Home Markets In credit card debt? Here are some expert tips to help you pay for it.

In credit card debt? Here are some expert tips to help you pay for it.

by SuperiorInvest

Credit cards are the Achilles heel for most people.

Collectively, Americans now owe $1.13 trillion on their cards and the average balance per consumer is up to $6,360, both all-time highs.

Not only are more cardholders going into debt month after month, but they are also falling further behind on payments, recent reports show.

“While dealing with $1 trillion in credit card debt can be overwhelming, the reality is that this number is expected to rise,” said Tomas Philipson, a professor of public policy studies at the University of Chicago and former interim president of the White House. Council of Economic Advisors.

“Americans are still dealing with persistent inflation and continually rising interest rates, forcing them to rely more on credit cards,” Philipson said.

More from Personal Finance:
Average credit card balances rise 10% to record $6,360
Credit card debt reaches “staggering” $1.13 trillion
Americans can't afford an unexpected $1,000 expense

Credit cards are already one of the most expensive ways to borrow money. The average credit card charges a record 20.74%, according to Bankrate.

But there are proven profitability strategies that work, experts also say. Here's his best advice for tackling that high-interest debt once and for all, including one analyst's “favorite tip.”

Two Ways to Boost Debt Payment

1. Try a 0% Balance Transfer Credit Card

“My favorite tip is to sign up for a 0% balance transfer credit card,” said Ted Rossman, senior industry analyst at Bankrate.

There are cards that offer 12, 15 or even 21 months interest-free on transferred balances, he added, and “these allow you to consolidate your high-cost debt into a new card that won't charge interest for up to 21 months.” in some cases.”

Those offers are “pretty much the best tool you have against credit card debt,” added Matt Schulz, chief credit analyst at LendingTree.

To get the most out of a balance transfer, aggressively pay off the balance during the introductory period. Otherwise, a new annual percentage rate will be applied to the remaining balance, which is about 24.6%, on average, in line with rates for new loans, according to Schulz.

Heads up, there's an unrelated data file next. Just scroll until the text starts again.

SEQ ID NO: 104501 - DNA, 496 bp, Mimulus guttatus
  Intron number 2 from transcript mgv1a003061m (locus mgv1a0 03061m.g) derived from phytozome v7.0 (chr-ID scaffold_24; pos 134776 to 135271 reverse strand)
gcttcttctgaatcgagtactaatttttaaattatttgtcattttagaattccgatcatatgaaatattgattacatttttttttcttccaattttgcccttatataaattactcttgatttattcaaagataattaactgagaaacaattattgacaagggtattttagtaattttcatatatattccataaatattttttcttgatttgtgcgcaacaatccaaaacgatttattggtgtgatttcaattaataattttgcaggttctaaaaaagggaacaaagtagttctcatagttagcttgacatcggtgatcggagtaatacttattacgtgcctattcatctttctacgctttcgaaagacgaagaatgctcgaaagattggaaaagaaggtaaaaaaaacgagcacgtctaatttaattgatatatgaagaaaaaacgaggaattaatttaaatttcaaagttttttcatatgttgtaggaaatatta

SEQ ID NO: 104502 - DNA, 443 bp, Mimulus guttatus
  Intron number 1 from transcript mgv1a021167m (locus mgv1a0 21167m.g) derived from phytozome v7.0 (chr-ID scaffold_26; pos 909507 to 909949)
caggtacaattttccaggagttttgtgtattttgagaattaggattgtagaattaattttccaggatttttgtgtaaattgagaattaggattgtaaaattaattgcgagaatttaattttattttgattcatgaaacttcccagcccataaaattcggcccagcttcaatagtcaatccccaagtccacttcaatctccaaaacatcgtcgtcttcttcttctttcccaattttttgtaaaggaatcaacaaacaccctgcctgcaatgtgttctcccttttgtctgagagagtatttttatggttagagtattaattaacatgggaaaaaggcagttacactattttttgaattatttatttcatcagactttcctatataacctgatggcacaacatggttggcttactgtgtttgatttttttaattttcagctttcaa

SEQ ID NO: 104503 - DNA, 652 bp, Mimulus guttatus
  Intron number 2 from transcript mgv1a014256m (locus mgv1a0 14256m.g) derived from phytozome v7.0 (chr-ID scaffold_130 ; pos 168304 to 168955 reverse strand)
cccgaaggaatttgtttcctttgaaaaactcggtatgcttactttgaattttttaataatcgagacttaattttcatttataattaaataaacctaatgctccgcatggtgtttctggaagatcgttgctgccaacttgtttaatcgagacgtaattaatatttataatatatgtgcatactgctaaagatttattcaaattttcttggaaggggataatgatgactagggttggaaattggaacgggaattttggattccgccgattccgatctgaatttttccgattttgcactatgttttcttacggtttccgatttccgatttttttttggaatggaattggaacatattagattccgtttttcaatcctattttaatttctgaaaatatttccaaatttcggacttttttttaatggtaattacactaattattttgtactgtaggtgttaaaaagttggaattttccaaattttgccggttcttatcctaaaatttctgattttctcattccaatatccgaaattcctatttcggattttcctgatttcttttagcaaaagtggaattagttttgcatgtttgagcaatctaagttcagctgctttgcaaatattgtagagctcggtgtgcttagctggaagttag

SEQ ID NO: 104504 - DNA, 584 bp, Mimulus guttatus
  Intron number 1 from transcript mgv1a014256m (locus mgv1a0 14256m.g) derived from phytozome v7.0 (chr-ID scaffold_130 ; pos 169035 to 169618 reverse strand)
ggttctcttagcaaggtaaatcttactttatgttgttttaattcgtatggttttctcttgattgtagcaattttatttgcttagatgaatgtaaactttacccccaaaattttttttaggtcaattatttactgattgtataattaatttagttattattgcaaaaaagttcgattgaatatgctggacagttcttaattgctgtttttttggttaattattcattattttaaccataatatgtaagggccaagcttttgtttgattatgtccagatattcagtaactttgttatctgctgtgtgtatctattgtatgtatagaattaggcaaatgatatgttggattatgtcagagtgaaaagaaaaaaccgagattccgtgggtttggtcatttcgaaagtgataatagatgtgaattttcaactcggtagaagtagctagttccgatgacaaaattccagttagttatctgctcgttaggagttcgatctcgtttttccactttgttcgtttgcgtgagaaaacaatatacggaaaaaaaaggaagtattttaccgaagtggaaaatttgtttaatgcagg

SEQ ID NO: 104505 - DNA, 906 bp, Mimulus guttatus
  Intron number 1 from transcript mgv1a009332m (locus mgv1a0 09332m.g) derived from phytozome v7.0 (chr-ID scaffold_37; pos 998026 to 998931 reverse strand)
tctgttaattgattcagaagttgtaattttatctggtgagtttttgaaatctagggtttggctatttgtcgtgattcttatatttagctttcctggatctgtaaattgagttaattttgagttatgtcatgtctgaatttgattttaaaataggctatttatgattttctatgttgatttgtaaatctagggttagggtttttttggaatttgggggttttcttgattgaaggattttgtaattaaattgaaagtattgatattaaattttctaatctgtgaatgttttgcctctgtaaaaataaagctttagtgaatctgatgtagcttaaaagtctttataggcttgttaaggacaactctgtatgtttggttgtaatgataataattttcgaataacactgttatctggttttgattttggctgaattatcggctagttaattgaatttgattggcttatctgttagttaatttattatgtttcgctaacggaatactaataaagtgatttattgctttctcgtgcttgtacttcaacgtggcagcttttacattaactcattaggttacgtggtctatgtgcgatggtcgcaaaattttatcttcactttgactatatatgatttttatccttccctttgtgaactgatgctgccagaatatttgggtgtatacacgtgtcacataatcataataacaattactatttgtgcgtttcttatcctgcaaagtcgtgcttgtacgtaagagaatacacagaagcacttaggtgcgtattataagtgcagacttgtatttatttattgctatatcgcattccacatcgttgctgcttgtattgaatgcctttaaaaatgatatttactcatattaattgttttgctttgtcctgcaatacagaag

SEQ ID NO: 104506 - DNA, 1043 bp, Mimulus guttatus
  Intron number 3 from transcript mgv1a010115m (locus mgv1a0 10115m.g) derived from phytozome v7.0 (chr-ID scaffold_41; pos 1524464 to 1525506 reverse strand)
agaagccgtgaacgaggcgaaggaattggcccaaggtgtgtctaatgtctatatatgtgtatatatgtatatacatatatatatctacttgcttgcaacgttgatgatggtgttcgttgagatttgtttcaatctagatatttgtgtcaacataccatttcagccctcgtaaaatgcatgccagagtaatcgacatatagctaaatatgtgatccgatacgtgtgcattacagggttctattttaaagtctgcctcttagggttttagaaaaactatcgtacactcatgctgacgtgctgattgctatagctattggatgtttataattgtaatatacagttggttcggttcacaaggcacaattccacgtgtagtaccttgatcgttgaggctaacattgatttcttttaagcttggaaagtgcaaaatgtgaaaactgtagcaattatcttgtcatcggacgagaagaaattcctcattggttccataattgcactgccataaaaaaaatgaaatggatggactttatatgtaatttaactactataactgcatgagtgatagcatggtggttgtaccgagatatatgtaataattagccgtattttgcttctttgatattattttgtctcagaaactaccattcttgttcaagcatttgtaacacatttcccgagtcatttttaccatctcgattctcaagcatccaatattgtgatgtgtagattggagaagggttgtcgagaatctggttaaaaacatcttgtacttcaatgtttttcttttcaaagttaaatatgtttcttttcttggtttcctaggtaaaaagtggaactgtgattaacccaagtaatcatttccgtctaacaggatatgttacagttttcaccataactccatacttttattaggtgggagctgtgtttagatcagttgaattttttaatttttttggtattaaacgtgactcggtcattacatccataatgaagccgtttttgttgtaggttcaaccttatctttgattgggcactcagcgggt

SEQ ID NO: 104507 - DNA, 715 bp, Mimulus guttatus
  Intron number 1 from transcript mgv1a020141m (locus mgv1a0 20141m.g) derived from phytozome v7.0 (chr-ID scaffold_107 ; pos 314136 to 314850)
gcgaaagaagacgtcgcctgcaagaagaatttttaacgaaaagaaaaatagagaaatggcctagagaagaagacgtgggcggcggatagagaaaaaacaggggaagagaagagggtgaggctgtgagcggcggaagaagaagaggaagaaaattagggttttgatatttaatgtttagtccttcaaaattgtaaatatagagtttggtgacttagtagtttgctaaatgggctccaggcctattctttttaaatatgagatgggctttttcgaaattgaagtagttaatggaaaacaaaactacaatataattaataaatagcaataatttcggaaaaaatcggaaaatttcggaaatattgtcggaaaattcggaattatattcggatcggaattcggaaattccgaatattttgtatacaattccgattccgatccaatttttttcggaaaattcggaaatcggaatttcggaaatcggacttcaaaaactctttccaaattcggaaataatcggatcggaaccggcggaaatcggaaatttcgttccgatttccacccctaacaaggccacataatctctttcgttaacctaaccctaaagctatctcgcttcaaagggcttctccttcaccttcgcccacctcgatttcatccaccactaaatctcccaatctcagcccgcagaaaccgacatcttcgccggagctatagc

Additionally, there may be limits on how much you can transfer, as well as associated fees.

Most cards have a one-time balance transfer fee, which is usually around 3% of the account, but “it's becoming more common to find cards that charge a 4% or 5% balance transfer fee, which is something that people should keep in mind.” “Schulz said.

Borrowers can also refinance with a lower-interest personal loan. Those rates have also increased recently, but at just under 12%, on average, they're still well below the current credit card average.

Otherwise, ask your card issuer for a lower APR. In fact, 76% of people who applied for a lower interest rate on their credit card last year got one, according to a report from LendingTree.

2. Choose a payment strategy

There are two ways to approach payment: prioritize the debt with the highest interest or pay off your debt from the smallest balance to the largest. Those strategies are known as the avalanche or snowball method, respectively. Using any of them can help consumers pay off debt up to 100 months sooner, according to an independent analysis by LendingTree.

The avalanche method allows you to list your debts from highest to lowest based on interest rate. That way, you'll start paying off the debts that accumulate the most interest first. The snowball method prioritizes your smallest debts first, regardless of interest rate, to help gain momentum as debts are paid off.

With either strategy, you'll make the minimum payments each month on all your debts and put the extra money toward accelerating payment on a debt of your choice.

“If I had to pick one, I'd probably choose avalanche because the math works better,” Schulz said, “but ultimately, it doesn't really matter: It's about choosing the one that will be most motivating for you and the one that you'll probably stick with.”

Subscribe to CNBC on YouTube.

Source Link

Related Posts